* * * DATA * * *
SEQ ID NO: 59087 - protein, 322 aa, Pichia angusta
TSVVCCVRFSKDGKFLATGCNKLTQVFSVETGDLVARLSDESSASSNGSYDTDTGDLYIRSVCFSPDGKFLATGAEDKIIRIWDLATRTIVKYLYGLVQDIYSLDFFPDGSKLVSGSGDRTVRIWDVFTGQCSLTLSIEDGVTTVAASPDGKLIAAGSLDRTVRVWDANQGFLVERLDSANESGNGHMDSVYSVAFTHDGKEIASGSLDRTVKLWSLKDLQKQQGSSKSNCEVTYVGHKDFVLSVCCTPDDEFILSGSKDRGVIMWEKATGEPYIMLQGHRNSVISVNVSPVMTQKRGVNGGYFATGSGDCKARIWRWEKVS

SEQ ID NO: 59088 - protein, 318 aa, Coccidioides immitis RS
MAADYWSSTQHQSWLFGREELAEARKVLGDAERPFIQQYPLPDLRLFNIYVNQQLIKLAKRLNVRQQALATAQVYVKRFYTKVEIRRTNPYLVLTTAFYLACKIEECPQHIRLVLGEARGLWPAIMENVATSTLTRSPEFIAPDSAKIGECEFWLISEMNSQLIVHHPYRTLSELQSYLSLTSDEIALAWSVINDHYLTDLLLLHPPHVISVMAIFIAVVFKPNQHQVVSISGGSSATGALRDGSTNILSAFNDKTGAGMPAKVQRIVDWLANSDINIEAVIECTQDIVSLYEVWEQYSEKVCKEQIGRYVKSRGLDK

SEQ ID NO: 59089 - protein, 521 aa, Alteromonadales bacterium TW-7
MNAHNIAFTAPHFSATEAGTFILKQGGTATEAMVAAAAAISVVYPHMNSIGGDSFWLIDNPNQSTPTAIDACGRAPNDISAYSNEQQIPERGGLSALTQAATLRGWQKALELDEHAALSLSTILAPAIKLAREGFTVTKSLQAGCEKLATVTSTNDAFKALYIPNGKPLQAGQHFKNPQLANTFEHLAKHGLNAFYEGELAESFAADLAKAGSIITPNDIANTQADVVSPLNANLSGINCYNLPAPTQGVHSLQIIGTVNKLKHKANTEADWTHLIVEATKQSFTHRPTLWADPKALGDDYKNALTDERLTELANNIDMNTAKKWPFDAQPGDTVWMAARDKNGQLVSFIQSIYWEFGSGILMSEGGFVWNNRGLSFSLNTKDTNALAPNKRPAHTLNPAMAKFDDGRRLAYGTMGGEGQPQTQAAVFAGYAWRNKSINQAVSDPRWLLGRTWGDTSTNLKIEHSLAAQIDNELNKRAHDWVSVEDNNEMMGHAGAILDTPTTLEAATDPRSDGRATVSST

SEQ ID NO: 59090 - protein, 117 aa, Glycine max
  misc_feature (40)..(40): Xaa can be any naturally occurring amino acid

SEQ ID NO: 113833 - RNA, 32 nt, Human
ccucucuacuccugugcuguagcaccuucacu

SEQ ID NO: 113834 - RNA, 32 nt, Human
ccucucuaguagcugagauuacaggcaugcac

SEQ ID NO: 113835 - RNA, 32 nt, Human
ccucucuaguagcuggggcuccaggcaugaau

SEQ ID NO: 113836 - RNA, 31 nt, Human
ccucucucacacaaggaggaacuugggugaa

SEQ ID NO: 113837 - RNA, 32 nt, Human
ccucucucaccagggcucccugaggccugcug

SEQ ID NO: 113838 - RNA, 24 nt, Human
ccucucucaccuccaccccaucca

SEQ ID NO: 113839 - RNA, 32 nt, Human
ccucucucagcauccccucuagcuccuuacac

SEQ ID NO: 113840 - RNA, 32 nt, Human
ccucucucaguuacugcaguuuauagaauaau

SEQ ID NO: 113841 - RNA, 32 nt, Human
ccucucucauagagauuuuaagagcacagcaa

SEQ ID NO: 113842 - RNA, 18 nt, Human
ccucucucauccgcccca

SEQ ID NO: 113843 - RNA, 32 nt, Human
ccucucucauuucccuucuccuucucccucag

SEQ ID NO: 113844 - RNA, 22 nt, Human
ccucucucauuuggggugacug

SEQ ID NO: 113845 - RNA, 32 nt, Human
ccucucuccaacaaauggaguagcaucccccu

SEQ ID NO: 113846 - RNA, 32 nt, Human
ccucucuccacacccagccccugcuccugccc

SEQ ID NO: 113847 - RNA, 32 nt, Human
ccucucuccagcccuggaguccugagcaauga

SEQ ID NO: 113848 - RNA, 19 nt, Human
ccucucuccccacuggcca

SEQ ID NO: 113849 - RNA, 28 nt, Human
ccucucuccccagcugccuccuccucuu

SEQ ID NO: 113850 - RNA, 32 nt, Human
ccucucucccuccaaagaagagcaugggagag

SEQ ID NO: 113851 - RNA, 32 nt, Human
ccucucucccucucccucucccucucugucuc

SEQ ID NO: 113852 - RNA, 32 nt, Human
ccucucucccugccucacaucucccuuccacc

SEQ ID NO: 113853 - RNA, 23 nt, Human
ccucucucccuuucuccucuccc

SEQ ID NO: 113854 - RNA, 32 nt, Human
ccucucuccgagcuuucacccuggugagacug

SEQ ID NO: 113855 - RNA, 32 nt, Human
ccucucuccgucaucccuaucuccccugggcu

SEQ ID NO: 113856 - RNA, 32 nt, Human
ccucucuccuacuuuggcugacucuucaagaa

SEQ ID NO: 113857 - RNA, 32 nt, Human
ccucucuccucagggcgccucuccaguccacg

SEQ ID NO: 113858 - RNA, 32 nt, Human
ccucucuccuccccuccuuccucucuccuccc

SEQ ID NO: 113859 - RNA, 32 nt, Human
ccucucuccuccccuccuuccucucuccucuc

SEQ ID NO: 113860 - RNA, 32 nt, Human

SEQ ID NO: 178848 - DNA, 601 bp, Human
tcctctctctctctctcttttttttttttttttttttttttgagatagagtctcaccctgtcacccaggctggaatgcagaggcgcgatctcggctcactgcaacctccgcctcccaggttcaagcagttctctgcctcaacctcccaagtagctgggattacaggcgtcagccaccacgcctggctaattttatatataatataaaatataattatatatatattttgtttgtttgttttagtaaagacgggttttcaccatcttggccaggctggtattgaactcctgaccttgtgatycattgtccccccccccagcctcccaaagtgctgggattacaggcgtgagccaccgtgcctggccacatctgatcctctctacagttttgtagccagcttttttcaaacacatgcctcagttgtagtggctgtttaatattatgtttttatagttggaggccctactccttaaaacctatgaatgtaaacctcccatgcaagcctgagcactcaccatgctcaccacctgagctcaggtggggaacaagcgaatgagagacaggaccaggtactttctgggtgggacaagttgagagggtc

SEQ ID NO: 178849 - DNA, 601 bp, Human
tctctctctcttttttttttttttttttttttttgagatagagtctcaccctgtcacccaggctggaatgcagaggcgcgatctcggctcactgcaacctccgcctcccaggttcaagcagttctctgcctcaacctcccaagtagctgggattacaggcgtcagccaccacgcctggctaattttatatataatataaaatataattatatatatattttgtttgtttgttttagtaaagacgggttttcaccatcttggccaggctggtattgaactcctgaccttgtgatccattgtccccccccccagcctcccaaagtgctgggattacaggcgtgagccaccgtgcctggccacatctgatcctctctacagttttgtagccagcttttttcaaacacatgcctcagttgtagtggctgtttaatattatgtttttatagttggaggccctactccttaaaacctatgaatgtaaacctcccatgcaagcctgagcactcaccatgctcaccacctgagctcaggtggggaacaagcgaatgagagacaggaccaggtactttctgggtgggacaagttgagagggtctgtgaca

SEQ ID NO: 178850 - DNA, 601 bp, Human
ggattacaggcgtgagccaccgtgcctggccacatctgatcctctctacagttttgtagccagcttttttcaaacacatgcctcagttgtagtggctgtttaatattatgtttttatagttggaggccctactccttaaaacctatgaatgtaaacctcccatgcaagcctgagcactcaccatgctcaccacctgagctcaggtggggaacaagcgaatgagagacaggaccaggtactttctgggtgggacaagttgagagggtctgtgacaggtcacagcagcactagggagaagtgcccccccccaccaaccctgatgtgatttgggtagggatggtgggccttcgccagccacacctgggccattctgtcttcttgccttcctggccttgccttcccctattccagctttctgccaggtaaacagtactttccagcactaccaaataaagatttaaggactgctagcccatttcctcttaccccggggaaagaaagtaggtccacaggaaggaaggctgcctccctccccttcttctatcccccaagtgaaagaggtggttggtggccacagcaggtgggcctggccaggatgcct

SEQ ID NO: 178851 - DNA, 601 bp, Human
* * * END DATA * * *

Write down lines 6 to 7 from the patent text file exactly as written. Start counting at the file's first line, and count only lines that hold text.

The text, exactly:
MNAHNIAFTAPHFSATEAGTFILKQGGTATEAMVAAAAAISVVYPHMNSIGGDSFWLIDNPNQSTPTAIDACGRAPNDISAYSNEQQIPERGGLSALTQAATLRGWQKALELDEHAALSLSTILAPAIKLAREGFTVTKSLQAGCEKLATVTSTNDAFKALYIPNGKPLQAGQHFKNPQLANTFEHLAKHGLNAFYEGELAESFAADLAKAGSIITPNDIANTQADVVSPLNANLSGINCYNLPAPTQGVHSLQIIGTVNKLKHKANTEADWTHLIVEATKQSFTHRPTLWADPKALGDDYKNALTDERLTELANNIDMNTAKKWPFDAQPGDTVWMAARDKNGQLVSFIQSIYWEFGSGILMSEGGFVWNNRGLSFSLNTKDTNALAPNKRPAHTLNPAMAKFDDGRRLAYGTMGGEGQPQTQAAVFAGYAWRNKSINQAVSDPRWLLGRTWGDTSTNLKIEHSLAAQIDNELNKRAHDWVSVEDNNEMMGHAGAILDTPTTLEAATDPRSDGRATVSST

SEQ ID NO: 59090 - protein, 117 aa, Glycine max